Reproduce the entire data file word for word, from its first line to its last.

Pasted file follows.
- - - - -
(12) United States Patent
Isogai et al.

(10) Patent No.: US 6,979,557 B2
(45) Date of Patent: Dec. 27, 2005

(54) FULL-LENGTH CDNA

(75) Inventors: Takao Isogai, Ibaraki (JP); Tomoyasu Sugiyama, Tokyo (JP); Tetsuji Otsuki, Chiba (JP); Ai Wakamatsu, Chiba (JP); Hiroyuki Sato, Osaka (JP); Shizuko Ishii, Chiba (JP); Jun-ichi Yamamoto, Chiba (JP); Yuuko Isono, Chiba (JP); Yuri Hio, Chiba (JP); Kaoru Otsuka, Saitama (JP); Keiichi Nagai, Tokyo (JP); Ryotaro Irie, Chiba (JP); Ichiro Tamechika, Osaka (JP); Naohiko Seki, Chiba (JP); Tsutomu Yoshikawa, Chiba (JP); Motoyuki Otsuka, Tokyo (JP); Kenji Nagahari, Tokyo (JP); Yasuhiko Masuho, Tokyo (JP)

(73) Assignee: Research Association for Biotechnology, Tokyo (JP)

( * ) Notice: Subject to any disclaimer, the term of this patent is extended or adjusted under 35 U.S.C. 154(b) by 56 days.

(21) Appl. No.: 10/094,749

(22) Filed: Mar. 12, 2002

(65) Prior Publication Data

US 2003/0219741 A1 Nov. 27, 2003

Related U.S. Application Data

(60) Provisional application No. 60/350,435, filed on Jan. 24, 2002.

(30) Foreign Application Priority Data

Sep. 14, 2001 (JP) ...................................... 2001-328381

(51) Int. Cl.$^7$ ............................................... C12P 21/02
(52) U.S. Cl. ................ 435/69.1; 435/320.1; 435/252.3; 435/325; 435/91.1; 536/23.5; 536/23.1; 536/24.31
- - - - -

(12) United States Patent
Isogai et al.

(10) Patent No.: US 6,979,557 B2
(45) Date of Patent: Dec. 27, 2005

(54) FULL-LENGTH CDNA

(75) Inventors: Takao Isogai, Ibaraki (JP); Tomoyasu Sugiyama, Tokyo (JP); Tetsuji Otsuki, Chiba (JP); Ai Wakamatsu, Chiba (JP); Hiroyuki Sato, Osaka (JP); Shizuko Ishii, Chiba (JP); Jun-ichi Yamamoto, Chiba (JP); Yuuko Isono, Chiba (JP); Yuri Hio, Chiba (JP); Kaoru Otsuka, Saitama (JP); Keiichi Nagai, Tokyo (JP); Ryotaro Irie, Chiba (JP); Ichiro Tamechika, Osaka (JP); Naohiko Seki, Chiba (JP); Tsutomu Yoshikawa, Chiba (JP); Motoyuki Otsuka, Tokyo (JP); Kenji Nagahari, Tokyo (JP); Yasuhiko Masuho, Tokyo (JP)

(73) Assignee: Research Association for Biotechnology, Tokyo (JP)

( * ) Notice: Subject to any disclaimer, the term of this patent is extended or adjusted under 35 U.S.C. 154(b) by 56 days.

(21) Appl. No.: 10/094,749

(22) Filed: Mar. 12, 2002

(65) Prior Publication Data

US 2003/0219741 A1 Nov. 27, 2003

Related U.S. Application Data

(60) Provisional application No. 60/350,435, filed on Jan. 24, 2002.

(30) Foreign Application Priority Data

Sep. 14, 2001 (JP) ...................................... 2001-328381

(51) Int. Cl.$^7$ ............................................... C12P 21/02
(52) U.S. Cl. ................ 435/69.1; 435/320.1; 435/252.3; 435/325; 435/91.1; 536/23.5; 536/23.1; 536/24.31